A jury convicted a gang member of murder Thursday for gunning down two young men in separate incidents in 2016.
Police found White shot in the upper body just after midnight on June 29, 2016, near 17th Street and Island Avenue. He was targeted while sitting in the backseat of a parked car and died at the scene.
Davis was killed on Aug. 2, 2016, when either Prescott, a second unidentified man, or both, opened fire on a group of people near the intersection of 61st and Alderley streets about 5:40 p.m., striking Davis and Avery Ealy, then 25, who survived, according to testimony.
Jurors acquitted Prescott of the attempted murder of Ealy, along with a count of assault with a semi-automatic firearm.
Deputy District Attorney John Dunlap alleged that gang-related motivations were behind both killings.
The prosecutor said White was part of a gang allied with Prescott’s. A member of White’s gang killed a member of Prescott’s, triggering the victim’s “execution-style” murder, the prosecutor said.
Dunlap said that as White exited a tattoo shop and got into a car, Prescott opened a back seat door of the vehicle and shot him, then fled.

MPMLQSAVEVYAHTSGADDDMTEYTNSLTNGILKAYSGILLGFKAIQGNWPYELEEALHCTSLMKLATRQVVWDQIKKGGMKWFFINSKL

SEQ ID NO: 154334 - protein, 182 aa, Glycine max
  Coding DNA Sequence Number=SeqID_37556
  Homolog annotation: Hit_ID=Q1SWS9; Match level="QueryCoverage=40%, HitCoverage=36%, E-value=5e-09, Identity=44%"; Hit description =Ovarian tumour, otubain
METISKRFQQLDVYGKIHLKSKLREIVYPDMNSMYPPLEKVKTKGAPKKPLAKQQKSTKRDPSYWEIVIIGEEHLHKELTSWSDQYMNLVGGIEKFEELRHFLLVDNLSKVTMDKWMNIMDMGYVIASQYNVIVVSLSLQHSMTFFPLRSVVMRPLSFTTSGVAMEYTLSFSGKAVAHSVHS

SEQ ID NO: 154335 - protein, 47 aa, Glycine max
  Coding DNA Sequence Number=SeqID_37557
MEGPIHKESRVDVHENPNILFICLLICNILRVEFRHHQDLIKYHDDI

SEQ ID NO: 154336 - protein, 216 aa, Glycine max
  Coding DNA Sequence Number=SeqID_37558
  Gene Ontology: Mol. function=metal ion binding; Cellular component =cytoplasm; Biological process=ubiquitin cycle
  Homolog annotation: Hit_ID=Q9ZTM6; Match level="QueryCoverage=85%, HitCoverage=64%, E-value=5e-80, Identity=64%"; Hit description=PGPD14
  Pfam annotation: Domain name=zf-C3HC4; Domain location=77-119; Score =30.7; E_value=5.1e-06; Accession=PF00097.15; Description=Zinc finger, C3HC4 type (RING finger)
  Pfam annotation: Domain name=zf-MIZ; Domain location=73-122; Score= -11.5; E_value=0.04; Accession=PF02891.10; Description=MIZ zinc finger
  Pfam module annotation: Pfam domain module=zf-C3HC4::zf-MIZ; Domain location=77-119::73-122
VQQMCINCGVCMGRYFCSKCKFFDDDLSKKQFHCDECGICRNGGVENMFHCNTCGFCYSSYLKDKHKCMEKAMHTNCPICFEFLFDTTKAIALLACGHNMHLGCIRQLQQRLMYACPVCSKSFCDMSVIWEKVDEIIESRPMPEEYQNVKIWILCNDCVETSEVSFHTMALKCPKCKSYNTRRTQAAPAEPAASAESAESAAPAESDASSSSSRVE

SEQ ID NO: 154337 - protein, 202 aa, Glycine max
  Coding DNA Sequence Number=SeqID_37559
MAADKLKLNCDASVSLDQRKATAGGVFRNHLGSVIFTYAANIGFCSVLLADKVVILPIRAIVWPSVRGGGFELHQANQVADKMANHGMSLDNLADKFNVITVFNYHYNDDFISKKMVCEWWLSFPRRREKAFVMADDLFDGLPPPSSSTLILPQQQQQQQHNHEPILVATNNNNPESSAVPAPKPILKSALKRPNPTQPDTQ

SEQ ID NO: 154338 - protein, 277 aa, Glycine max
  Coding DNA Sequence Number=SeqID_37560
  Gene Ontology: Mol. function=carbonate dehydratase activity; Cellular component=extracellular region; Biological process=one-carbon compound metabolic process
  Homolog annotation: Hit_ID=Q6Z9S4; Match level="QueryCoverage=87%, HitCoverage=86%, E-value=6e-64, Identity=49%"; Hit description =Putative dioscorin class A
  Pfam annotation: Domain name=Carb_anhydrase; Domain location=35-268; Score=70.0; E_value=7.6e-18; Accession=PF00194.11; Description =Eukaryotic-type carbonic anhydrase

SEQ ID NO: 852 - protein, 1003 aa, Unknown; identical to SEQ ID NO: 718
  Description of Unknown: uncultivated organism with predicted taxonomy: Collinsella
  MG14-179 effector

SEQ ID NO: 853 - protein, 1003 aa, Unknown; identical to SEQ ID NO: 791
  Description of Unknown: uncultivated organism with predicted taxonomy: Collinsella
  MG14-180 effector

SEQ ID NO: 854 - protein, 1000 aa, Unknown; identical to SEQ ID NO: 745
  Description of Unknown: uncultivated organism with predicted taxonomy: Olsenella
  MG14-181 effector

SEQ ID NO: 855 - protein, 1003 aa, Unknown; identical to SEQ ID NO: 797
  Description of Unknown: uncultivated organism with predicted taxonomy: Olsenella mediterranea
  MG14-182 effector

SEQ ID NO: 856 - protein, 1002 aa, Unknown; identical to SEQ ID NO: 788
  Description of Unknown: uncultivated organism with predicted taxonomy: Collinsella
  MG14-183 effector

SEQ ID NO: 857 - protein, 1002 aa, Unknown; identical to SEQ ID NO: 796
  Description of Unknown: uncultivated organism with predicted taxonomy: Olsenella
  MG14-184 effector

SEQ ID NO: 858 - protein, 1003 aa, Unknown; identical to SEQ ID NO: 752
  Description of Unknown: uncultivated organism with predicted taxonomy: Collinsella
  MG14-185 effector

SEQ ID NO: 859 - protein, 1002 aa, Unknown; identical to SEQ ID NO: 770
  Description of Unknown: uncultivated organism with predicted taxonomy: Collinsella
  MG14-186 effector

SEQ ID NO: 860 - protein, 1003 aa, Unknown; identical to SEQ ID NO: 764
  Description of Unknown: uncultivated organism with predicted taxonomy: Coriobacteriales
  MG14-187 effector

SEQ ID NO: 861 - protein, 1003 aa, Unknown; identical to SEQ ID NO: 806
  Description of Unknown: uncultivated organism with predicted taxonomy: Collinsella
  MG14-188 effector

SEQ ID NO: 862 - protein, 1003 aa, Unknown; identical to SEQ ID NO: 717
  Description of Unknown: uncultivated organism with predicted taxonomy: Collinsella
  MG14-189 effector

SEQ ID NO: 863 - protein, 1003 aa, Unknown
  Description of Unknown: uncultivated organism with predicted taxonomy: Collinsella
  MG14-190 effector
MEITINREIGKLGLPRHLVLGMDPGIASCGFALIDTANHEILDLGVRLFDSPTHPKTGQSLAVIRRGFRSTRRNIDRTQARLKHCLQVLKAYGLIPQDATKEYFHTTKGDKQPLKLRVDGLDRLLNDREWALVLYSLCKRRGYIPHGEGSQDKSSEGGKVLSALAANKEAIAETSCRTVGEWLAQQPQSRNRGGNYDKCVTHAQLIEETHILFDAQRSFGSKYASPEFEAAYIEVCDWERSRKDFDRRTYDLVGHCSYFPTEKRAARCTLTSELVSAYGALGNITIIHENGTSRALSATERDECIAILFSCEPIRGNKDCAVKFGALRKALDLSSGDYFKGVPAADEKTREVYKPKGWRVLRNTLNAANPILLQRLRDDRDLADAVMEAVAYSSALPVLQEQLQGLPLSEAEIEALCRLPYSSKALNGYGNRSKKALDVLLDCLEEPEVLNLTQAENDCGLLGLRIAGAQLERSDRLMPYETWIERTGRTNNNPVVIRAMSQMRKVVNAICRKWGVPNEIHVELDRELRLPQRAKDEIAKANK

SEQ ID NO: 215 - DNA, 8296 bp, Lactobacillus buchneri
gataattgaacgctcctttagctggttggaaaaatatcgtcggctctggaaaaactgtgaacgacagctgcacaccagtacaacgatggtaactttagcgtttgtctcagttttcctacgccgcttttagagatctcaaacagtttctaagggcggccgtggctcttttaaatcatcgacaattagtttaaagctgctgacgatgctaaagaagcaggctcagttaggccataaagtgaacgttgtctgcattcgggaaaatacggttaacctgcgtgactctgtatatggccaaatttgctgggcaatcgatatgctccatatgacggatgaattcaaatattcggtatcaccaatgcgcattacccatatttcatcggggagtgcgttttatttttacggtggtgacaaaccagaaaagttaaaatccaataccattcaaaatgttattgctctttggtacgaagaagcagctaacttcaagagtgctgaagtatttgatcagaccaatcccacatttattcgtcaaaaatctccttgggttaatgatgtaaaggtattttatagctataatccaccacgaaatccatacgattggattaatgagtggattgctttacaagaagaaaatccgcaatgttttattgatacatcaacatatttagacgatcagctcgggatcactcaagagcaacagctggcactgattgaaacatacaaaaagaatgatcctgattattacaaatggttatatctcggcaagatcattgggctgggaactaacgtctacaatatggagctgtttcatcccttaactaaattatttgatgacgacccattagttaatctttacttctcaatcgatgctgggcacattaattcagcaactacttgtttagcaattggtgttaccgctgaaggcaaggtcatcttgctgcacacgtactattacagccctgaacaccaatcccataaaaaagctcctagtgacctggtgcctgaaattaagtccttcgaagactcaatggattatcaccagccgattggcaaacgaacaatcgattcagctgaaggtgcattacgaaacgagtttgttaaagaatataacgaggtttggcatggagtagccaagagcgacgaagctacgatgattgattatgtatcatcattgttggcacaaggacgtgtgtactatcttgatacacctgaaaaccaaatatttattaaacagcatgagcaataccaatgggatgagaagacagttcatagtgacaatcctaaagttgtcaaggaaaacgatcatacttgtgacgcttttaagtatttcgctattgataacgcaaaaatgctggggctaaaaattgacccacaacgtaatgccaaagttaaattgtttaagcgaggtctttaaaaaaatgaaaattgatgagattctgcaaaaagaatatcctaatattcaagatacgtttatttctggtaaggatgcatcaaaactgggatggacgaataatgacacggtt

Prescott’s DNA was discovered on a utility box across the street from the tattoo shop, according to the prosecutor, who said he leaned against the box as he waited for White to exit the business. Dunlap also said that a palm print linked to Prescott was found on the car’s rear door.
Defense attorney Danaly Barajas said White and Prescott were close friends, and that he mourned White’s death. She also argued that the killing was not actually gang-related, disproving the prosecution’s theory.
“There is no motive to support why Deshaun Prescott would want to kill his friend,” Barajas told the jury in her opening statement.
In Davis’ killing, Dunlap said that Prescott and another man, who remains unidentified and at large, fired upon a group of people because it was rival gang territory. Dunlap said someone fired back at the shooters, resulting in Prescott being struck in the foot.
Prescott left a blood trail, which police used to connect his DNA to the shooting scene. He showed up at an area hospital the following day.
Surveillance video and photographs show figures at both scenes that appear to match Prescott, according to Dunlap.
But Barajas said that no gun can be seen in Prescott’s hands, if it is indeed Prescott in the footage. She also said he was in the O’Farrell neighborhood that day to visit a longtime friend when the shooting broke out.
Barajas cautioned the jury to not readily accept the DNA evidence as gospel, as that kind of evidence “is not as black and white as (the prosecution) would like you to believe.”
Prescott was arrested Aug. 21, 2016, on a probation violation, and booked for Davis’ murder about a week later. The criminal complaint was amended about six months later to include a murder charge in connection with White’s killing.
– City News Service
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